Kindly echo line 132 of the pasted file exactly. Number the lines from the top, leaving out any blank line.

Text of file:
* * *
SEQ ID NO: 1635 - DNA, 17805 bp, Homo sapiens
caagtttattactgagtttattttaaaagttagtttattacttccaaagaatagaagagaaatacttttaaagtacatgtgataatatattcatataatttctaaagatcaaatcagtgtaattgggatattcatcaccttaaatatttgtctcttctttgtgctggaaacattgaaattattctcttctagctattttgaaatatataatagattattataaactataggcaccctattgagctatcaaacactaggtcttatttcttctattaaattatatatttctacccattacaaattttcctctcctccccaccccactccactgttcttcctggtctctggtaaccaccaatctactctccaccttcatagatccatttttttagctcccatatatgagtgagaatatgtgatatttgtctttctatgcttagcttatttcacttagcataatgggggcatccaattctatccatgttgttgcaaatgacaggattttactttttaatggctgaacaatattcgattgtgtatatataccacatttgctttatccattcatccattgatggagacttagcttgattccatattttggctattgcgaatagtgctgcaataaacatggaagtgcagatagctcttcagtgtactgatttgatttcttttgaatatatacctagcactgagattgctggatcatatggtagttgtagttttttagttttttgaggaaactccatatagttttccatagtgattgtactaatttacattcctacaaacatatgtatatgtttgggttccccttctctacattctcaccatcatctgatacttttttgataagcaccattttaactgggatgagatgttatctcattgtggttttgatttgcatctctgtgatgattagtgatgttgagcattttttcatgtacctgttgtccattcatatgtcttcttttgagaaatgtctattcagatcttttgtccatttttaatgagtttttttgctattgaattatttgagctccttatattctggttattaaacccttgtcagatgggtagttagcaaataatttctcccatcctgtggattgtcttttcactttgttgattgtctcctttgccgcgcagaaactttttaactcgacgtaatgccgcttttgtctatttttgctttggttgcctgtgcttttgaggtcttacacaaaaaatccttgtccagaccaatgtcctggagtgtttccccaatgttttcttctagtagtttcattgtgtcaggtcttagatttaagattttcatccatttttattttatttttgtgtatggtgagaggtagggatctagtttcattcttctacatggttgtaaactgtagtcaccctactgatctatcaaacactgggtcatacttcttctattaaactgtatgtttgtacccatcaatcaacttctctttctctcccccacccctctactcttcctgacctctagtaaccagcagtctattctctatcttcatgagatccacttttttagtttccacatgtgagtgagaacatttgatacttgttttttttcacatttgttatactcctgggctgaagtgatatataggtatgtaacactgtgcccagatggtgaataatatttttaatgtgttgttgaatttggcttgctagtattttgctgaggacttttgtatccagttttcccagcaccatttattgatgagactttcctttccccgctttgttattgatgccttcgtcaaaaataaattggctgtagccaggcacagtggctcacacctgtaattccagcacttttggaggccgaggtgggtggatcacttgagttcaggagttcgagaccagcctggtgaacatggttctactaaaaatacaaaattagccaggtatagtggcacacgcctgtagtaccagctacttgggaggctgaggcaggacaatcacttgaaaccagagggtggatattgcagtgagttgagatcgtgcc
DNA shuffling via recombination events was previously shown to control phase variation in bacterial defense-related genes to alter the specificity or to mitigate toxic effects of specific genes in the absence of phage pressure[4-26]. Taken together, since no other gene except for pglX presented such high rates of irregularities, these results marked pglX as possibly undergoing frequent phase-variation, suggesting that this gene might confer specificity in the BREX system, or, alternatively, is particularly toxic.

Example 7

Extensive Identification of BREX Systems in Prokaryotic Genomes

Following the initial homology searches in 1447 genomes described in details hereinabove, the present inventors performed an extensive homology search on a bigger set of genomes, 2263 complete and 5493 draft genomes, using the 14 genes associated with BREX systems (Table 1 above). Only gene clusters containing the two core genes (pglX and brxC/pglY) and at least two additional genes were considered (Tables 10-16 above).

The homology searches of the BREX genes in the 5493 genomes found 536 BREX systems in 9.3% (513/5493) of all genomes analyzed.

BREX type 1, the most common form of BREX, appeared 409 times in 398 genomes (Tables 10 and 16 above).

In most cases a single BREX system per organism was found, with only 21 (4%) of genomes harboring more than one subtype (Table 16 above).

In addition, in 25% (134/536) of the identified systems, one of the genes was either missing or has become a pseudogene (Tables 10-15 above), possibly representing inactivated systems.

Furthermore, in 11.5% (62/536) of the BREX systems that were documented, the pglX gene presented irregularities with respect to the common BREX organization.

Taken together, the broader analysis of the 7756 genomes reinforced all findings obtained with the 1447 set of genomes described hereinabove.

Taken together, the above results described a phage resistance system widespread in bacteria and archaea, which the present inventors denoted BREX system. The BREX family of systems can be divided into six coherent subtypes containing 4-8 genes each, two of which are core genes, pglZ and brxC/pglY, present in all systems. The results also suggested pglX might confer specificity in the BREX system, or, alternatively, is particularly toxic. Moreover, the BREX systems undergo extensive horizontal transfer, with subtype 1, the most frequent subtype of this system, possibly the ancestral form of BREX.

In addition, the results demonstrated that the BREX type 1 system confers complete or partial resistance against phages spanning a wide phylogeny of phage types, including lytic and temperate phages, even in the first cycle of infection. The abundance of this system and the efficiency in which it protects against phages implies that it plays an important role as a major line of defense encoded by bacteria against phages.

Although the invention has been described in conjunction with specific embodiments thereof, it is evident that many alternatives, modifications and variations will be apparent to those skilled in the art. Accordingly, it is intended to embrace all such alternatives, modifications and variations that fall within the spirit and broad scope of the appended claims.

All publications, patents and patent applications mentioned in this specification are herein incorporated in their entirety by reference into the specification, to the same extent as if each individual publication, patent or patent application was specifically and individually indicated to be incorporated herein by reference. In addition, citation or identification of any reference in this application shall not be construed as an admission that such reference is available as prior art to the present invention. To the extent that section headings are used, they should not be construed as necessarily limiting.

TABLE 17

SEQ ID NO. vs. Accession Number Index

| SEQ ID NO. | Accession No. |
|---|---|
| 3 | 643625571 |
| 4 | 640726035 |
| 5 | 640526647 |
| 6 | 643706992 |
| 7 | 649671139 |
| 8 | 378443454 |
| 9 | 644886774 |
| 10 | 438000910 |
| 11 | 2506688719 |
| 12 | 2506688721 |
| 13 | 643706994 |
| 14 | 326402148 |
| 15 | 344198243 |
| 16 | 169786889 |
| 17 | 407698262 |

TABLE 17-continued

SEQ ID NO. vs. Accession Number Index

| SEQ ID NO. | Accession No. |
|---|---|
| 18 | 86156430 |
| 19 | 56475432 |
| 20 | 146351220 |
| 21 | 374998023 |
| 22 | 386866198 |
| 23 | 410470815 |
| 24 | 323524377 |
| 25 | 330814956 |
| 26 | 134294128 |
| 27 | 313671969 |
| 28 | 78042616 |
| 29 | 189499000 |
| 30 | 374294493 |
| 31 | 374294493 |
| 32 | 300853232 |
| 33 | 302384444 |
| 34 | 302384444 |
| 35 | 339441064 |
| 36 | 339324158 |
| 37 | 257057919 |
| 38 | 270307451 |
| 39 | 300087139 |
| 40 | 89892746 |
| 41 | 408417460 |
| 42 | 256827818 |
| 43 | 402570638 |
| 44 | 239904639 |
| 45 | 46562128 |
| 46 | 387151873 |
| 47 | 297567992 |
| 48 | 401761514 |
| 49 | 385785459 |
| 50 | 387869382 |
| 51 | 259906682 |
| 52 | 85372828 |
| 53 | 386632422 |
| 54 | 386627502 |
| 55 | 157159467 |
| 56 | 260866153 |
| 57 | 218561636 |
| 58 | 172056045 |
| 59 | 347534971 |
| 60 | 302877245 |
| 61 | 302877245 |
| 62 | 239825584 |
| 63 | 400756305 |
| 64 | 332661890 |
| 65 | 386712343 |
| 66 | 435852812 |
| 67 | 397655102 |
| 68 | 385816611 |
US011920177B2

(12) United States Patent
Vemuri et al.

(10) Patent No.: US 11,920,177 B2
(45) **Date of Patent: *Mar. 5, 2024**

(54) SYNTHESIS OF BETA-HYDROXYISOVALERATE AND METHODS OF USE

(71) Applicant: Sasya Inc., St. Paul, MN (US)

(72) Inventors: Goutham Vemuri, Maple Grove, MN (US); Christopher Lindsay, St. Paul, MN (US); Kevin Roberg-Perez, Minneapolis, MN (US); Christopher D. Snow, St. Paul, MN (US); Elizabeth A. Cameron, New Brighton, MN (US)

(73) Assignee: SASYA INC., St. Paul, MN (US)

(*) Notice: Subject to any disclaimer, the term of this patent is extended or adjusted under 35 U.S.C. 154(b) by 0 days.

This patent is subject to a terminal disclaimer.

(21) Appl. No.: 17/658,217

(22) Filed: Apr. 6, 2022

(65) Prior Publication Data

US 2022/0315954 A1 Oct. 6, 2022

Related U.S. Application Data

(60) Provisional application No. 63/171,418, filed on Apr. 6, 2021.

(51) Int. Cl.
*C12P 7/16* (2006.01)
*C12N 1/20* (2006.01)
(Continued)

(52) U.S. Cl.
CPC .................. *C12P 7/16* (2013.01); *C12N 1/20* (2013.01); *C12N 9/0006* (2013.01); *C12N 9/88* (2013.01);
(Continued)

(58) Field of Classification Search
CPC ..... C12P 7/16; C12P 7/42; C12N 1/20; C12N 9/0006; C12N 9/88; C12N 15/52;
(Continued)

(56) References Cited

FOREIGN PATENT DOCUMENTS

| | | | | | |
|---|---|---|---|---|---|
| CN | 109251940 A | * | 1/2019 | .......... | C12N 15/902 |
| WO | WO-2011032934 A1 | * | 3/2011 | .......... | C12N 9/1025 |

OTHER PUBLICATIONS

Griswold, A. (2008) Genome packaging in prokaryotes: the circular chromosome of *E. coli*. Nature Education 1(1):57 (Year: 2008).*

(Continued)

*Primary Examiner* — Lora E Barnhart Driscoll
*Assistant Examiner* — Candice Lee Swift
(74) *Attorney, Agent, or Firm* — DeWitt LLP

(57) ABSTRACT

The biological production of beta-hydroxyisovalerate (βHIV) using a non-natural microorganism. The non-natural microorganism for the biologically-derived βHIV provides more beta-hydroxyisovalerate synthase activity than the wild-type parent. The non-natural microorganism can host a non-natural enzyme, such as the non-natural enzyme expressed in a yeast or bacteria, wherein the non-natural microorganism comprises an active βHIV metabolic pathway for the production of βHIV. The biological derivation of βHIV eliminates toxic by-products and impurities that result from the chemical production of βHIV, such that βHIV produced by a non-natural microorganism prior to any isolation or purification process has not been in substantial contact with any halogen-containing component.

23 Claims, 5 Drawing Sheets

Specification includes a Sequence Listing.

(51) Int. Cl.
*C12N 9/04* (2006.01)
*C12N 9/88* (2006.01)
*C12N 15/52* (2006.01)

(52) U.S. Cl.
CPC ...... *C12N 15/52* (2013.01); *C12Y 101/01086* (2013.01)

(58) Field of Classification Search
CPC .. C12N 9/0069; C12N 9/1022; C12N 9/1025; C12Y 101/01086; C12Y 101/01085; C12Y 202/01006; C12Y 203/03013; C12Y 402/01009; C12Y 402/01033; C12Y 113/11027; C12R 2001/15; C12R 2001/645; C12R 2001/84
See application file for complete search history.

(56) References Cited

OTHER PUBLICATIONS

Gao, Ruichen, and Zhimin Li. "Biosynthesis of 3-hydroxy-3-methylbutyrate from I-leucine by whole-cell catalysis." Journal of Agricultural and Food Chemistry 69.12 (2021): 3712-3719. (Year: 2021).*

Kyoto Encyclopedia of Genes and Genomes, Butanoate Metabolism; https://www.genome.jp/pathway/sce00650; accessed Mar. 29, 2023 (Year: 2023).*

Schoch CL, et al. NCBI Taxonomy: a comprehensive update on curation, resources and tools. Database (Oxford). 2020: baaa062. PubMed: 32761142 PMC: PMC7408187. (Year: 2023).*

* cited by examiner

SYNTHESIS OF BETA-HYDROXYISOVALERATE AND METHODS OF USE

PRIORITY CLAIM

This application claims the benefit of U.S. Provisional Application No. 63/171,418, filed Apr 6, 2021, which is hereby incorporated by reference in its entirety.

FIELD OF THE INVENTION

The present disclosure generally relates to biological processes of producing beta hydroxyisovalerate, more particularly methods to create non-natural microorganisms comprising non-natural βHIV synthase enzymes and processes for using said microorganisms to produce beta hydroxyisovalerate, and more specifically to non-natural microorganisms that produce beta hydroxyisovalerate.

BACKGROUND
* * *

23 Claims, 5 Drawing Sheets